If you look at the top 24 trainers of 2021 in earnings, you will see Brett Pelling at #7. But look a little closer to the right at his .UTRS: .465. It is a beyond-belief Stanley Dancer type of number that is simply not done in today’s era.

In context, not a single trainer of the other 23 are 100 points near that. None. Pelling had 321 starts: 103 wins 56 seconds and 45 thirds. That’s nearly $13,000 per start, which is also #1 in North America. Brian Brown is at .401 in the #25 spot having a strong year of his own. In further context, the all-time thoroughbred leader in the all-important in-the-money department is Chad Brown at 59 per cent. Pelling is over 65 per cent in 2021. This is all highlighted by the more-than-spectacular Test of Faith at 16 14-2-0 $1,069,739 for the season.

Oh, brothers

Brothers Andrew and Todd McCarthy both surpassed $7.5 million in driver earnings in 2021.

Andrew had $8.5 million and Todd $7.5 million.

Andrew landed in the Top 5 for the first time and Todd in the Top 10.

Brothers Tetrick are at $18.5 million combined with Tim at $12.2 million and Trace at $6.3.

Hail to King

Jim King, Jr. has done something unprecedented: consecutive $2 million career-earning pacing mares: Shartin N followed by Lyons Sentinel.

Rod Allen retires

Horseman Rod Allen has retired at age 65. It’s been 17 years since we lost his father, Carl, the patriarch of the Allen family. Rod started driving the year after his dad won the $1.7 million Woodrow Wilson in 1983 with Carls Bird and Rod’s brother Marty was the season’s fastest on three different sized tracks with Its Fritz.

Rod has been around for most of the last three and a half decades — with a memorable 1994-1996 campaigning standout C R Kay Suzie, the 1995 HOY. Carlsbad Cam won the 1992 Meadowlands Pace in Rod’s lone appearance in the Pace, after a third in the NA Cup as the betting choice. C R Renegade won the 1999 Breeders Crown.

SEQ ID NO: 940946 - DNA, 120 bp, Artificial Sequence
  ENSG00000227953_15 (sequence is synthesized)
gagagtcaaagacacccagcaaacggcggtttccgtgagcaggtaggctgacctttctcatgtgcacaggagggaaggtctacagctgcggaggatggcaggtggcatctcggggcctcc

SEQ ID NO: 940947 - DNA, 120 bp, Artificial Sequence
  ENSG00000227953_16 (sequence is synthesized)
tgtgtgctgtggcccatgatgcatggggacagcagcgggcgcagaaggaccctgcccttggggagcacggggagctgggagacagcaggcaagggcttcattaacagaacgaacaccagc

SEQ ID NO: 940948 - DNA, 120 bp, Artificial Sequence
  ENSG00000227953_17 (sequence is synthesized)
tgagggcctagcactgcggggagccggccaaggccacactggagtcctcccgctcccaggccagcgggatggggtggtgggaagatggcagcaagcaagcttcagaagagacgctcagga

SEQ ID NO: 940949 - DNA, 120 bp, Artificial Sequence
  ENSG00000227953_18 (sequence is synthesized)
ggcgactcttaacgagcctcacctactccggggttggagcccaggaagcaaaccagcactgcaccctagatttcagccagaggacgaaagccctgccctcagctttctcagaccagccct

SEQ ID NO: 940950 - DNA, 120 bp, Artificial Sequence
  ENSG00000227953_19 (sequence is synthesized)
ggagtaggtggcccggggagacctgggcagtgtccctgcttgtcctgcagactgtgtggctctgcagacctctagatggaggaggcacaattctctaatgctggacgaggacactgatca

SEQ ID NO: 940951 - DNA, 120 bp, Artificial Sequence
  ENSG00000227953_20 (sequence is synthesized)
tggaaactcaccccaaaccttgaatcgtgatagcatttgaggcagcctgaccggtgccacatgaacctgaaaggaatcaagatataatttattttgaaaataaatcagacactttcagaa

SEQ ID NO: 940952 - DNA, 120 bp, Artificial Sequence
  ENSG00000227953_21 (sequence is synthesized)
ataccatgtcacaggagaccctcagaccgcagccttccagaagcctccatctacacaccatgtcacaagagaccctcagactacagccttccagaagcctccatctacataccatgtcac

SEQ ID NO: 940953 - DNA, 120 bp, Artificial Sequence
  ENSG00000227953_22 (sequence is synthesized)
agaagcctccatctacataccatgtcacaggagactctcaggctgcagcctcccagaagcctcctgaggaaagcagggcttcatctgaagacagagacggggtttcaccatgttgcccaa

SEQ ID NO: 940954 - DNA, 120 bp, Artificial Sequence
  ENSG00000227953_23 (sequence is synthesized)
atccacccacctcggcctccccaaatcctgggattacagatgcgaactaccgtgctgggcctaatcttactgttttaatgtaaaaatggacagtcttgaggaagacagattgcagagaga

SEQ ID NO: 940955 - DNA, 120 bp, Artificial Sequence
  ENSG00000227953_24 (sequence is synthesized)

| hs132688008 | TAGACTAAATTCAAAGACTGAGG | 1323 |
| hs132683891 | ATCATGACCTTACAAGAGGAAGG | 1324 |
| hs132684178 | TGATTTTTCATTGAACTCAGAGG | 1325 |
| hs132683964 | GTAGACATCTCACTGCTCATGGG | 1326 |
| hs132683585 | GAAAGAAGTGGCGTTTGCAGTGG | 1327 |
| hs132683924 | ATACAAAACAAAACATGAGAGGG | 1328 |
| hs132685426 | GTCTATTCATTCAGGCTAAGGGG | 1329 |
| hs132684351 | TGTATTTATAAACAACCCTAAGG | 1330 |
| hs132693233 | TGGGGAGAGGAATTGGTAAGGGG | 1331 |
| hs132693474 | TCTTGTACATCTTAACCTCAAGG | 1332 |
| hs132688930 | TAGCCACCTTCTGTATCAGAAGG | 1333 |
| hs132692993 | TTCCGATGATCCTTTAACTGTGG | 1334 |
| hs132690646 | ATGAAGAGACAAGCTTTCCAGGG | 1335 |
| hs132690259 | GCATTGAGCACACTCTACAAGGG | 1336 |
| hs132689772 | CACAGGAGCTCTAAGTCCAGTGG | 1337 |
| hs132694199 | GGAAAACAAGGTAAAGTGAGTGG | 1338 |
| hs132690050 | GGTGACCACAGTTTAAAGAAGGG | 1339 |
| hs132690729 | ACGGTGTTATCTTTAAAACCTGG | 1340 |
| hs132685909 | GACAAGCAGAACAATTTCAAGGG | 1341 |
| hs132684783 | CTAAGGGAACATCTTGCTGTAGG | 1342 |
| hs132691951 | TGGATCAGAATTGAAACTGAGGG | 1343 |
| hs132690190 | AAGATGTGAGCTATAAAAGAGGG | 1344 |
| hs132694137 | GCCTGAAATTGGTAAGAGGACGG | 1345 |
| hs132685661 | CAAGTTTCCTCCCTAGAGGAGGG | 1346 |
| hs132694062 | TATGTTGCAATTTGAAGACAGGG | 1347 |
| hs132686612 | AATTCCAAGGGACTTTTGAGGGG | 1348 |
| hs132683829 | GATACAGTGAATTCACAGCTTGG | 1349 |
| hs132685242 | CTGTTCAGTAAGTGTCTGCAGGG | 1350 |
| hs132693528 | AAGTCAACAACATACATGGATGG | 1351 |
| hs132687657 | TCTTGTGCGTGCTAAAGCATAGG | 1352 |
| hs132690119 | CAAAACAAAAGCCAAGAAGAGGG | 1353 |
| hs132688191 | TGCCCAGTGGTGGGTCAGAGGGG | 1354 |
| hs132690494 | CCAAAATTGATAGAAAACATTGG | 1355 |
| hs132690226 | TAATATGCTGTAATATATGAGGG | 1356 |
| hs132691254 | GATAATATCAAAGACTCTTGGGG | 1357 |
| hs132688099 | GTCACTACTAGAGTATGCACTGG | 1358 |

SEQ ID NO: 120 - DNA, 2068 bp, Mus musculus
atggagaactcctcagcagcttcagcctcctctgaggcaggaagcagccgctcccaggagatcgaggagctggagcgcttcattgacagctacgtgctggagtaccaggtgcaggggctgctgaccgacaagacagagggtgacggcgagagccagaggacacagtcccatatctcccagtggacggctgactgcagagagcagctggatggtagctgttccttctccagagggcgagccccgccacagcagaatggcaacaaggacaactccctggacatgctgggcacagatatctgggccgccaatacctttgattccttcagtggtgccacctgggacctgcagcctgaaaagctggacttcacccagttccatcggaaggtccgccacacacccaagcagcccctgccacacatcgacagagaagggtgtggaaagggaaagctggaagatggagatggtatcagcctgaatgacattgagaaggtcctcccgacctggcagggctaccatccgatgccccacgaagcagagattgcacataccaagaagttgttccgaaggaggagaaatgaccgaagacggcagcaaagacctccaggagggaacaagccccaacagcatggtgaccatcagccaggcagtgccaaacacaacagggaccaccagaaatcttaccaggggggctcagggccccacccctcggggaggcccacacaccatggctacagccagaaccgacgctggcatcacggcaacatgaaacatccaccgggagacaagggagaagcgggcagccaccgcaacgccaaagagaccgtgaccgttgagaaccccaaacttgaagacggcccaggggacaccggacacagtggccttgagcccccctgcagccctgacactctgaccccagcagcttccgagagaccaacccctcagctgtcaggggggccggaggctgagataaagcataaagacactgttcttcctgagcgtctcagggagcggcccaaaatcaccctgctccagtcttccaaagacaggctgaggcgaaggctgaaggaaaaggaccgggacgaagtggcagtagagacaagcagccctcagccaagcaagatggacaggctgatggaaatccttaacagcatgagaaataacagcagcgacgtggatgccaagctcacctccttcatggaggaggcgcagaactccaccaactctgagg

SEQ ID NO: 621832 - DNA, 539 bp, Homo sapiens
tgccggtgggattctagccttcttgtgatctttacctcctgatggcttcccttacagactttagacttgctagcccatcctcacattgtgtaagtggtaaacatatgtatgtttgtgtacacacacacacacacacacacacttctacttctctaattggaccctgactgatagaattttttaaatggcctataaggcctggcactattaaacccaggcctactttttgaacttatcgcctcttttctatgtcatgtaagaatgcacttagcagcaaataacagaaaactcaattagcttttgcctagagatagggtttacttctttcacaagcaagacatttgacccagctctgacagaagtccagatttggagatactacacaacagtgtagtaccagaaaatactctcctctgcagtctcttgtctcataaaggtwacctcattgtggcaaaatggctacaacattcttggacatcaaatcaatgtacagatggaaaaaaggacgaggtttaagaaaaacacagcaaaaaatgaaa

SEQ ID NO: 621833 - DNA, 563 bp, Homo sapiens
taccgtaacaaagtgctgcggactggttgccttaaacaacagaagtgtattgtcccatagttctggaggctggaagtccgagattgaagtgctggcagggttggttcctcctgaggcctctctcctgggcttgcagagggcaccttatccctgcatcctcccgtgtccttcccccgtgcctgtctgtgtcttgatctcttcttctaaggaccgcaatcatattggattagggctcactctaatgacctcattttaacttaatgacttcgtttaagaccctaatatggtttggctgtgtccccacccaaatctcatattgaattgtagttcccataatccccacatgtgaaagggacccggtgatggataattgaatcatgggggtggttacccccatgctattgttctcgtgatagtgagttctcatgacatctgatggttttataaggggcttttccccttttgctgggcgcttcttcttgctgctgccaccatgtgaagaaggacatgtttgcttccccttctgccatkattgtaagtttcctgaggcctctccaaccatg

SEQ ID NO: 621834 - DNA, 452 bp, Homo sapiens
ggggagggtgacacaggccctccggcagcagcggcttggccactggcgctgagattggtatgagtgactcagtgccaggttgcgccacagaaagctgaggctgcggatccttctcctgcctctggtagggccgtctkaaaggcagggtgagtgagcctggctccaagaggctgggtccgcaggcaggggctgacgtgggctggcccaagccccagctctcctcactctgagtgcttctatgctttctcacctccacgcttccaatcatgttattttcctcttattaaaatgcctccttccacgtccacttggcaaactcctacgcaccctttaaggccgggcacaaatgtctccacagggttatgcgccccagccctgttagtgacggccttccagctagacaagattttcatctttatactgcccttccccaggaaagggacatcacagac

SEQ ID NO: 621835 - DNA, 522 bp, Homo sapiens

Three driving Allens won a trotting Triple Crown race — Mike the Kentucky Futurity with C R Track Master and Rod and Carl both in the Yonkers Trot.

If there is a classier duo in the sport that Rod and wife Dawn, I certainly have yet to meet them. All the best to a duo that may not realize it but they have set the bar even higher on how to conduct oneself in the sport of standardbred racing — on and off the track.

Hambletonian thoughts

The last two times there were four heats in the Hambletonian came in 1975 and 1976. Certainly, you can understand the taxing nature of this. In 1975, the top two finishers never again raced — Bonefish and Yankee Bambino. But, in 1976, just two weeks after the grueling Steve Lobell-won Hambletonian, 10 of the 12 participants in at least three heats made it back and competed in the Colonial on Sept. 18, 14 days later. Steve Lobell actually made breaks in two different heats on Hambletonian Day and still won it.

Four-year-old blues? It sure looks like it for the last two Hambletonian winners in 2019 and 2020 combined as they went 1-for-12 as 4-year-olds; 0-for-7 this year for Ramona Hill and just a 1-for-5 slate for Forbidden Trade in 2020.

Who remembers Hambletonian medallions? in 1975, the medallions, along with $5 admission tickets for the race, were sold for $5 each to commemorate the 50th anniversary of the race. The goal was 25,000 sold, but it was topped to 28,535 Golden Hambletonian Medallions.

Where, oh where, have these days gone?

Hold onto your hats. On Feb. 20 1964 at Roosevelt Raceway — Opening Day — 35,191 people showed up (and 22,421 came the next night). For the opener, in 24 degree weather, just two days after a snowstorm, $2,340,342 was jammed through the windows. One hundred and forty-six infra-red heaters were set up for those not lucky enough to make it inside or to the Cloud Casino. My favorite remembrance? Doc Robbins sold all 32,000 programs.